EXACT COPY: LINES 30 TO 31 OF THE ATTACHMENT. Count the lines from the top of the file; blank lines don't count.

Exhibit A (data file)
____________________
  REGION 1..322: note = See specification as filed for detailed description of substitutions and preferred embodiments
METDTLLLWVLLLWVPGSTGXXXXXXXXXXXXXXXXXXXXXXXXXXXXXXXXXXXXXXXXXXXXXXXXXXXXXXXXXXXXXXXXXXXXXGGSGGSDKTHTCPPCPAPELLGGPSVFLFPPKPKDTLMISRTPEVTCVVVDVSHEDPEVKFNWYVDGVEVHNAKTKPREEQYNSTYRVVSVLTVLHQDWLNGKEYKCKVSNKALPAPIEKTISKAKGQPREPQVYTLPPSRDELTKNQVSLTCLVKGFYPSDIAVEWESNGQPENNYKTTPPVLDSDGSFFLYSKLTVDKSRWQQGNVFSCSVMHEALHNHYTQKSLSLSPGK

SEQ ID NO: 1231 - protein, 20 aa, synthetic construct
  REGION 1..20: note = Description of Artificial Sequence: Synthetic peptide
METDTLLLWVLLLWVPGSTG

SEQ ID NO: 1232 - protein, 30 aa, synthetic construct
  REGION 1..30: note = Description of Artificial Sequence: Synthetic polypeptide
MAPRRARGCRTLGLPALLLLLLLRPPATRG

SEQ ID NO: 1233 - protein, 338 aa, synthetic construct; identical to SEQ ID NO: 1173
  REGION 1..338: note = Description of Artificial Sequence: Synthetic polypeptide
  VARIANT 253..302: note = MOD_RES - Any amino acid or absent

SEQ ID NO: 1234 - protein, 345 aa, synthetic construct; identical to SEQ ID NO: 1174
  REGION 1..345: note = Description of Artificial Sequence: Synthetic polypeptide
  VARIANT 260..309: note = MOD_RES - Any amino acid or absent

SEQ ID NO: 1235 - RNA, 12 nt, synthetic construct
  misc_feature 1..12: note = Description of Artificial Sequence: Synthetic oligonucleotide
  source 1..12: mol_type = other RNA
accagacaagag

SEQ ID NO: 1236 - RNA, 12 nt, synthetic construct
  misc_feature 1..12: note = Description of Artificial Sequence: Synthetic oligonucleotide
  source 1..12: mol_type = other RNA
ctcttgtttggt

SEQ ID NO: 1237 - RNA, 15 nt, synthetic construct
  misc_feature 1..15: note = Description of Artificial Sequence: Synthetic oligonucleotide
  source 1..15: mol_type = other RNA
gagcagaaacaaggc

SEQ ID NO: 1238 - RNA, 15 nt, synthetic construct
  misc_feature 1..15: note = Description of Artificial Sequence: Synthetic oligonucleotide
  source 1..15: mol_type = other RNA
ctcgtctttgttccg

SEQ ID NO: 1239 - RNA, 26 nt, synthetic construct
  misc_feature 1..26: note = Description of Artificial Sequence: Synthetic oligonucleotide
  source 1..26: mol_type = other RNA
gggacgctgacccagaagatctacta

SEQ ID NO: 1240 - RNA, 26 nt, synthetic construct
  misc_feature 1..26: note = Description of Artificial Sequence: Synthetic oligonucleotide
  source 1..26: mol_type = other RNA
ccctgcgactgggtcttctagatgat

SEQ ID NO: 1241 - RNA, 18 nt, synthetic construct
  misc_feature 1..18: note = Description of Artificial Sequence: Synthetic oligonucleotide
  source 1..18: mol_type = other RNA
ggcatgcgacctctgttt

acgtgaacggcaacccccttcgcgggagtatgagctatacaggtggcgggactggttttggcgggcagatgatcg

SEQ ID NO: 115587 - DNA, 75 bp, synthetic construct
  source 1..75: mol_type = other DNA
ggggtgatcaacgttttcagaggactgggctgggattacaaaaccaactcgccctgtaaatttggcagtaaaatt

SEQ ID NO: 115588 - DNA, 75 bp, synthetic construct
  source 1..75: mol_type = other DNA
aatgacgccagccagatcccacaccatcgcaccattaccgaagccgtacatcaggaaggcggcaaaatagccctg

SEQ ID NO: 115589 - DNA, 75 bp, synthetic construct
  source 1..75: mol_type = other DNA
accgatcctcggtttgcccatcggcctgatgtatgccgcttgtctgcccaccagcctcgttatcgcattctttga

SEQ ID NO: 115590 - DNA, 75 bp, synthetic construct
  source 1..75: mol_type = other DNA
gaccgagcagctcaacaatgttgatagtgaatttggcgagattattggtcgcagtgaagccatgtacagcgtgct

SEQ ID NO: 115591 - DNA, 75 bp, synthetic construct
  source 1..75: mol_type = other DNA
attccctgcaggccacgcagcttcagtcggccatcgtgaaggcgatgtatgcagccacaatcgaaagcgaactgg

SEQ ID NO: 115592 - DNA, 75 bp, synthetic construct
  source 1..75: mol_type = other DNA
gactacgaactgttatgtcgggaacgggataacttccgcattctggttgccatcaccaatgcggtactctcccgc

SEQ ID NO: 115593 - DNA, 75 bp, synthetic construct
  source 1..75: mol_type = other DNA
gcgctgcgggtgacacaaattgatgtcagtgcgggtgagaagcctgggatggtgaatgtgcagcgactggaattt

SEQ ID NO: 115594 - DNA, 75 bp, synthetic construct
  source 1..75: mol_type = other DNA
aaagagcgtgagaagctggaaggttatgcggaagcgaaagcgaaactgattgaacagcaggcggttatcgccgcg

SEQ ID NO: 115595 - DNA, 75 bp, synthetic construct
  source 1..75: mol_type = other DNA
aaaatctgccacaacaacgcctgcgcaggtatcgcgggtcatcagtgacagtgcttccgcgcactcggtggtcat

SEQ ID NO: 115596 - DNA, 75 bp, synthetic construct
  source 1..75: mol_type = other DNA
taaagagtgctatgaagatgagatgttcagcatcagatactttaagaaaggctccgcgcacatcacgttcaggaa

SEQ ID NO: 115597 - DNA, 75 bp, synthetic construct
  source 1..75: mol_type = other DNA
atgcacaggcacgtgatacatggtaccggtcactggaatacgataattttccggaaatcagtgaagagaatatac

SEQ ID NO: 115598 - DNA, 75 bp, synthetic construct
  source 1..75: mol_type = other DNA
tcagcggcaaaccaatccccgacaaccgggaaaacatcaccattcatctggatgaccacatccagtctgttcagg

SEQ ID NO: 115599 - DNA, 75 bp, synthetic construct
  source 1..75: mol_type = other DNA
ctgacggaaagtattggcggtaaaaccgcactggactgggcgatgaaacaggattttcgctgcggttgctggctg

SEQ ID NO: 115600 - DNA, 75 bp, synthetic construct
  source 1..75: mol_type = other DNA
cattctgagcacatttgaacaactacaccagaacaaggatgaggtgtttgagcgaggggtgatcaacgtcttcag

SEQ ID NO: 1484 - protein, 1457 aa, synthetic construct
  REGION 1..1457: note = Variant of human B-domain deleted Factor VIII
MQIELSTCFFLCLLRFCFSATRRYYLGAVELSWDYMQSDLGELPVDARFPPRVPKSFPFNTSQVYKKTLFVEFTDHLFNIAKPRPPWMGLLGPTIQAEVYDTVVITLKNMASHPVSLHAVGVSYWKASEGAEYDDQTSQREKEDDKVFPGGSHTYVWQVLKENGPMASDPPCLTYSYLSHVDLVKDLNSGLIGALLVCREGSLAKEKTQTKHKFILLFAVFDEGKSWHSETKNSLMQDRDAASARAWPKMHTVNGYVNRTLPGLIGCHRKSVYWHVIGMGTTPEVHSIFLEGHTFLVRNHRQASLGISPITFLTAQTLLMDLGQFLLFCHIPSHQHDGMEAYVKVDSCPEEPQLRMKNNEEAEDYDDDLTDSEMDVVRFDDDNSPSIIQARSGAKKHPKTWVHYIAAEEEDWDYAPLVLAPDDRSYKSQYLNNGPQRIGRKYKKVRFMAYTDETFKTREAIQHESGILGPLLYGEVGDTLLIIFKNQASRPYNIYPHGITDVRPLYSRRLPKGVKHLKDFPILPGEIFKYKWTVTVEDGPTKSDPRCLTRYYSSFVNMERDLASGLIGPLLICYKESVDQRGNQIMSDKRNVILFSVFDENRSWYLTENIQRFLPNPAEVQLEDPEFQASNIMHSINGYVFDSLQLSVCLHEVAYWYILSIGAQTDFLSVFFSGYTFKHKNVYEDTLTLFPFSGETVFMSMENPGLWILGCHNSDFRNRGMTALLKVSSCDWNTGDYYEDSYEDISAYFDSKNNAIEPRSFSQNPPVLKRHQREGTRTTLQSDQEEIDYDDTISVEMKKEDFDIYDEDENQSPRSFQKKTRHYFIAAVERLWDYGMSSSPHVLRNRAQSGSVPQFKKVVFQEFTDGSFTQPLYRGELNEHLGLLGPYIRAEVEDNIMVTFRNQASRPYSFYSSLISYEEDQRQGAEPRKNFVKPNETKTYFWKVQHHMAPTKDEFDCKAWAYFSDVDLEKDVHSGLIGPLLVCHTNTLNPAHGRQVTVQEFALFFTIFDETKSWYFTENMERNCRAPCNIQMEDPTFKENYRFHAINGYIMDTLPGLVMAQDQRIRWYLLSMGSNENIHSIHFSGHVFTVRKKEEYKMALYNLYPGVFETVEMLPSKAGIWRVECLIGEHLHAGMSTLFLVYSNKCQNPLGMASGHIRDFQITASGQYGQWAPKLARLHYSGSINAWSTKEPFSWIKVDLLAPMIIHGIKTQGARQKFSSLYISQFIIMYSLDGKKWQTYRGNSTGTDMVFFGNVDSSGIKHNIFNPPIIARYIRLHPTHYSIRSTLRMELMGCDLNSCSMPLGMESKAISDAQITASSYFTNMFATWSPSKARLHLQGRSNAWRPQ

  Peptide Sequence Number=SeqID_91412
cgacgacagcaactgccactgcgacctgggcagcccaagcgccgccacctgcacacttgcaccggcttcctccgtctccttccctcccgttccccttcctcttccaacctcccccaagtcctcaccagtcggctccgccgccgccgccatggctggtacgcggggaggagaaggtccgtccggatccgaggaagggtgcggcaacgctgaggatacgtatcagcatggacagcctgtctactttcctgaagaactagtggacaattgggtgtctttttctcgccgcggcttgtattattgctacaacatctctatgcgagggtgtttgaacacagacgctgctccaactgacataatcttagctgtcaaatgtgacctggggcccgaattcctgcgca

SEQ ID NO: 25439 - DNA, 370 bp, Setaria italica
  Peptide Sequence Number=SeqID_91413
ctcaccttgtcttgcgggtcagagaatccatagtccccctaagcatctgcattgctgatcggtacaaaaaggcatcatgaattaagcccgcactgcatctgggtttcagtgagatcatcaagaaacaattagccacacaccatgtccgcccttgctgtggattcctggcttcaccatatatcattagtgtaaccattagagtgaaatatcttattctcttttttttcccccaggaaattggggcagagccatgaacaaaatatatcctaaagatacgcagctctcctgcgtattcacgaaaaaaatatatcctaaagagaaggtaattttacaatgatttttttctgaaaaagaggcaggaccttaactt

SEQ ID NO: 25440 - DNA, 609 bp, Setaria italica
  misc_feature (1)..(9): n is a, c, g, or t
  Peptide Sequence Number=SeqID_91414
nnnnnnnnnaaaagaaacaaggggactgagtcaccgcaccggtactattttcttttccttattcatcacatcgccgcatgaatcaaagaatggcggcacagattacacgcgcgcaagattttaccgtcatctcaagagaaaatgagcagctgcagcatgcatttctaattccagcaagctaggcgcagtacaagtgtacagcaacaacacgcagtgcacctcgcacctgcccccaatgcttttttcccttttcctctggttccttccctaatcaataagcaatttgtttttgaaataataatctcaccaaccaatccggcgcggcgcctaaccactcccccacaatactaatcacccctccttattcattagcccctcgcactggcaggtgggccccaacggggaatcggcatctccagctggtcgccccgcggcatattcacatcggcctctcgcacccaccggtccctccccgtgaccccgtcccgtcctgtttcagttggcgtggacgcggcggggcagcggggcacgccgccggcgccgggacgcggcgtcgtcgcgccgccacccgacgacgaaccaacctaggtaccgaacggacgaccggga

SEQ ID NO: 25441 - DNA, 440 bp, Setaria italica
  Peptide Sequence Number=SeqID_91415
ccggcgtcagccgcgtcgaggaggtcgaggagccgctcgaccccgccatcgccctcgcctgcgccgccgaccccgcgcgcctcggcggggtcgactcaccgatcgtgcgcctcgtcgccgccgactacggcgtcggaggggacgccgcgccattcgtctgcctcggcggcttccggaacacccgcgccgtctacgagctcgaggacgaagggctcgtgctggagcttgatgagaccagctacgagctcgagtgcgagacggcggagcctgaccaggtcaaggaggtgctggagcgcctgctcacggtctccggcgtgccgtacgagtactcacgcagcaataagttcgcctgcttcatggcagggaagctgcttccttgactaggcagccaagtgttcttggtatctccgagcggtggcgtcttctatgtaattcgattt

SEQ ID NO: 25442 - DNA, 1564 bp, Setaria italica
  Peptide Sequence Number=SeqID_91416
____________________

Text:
ctcgtctttgttccg

SEQ ID NO: 1239 - RNA, 26 nt, synthetic construct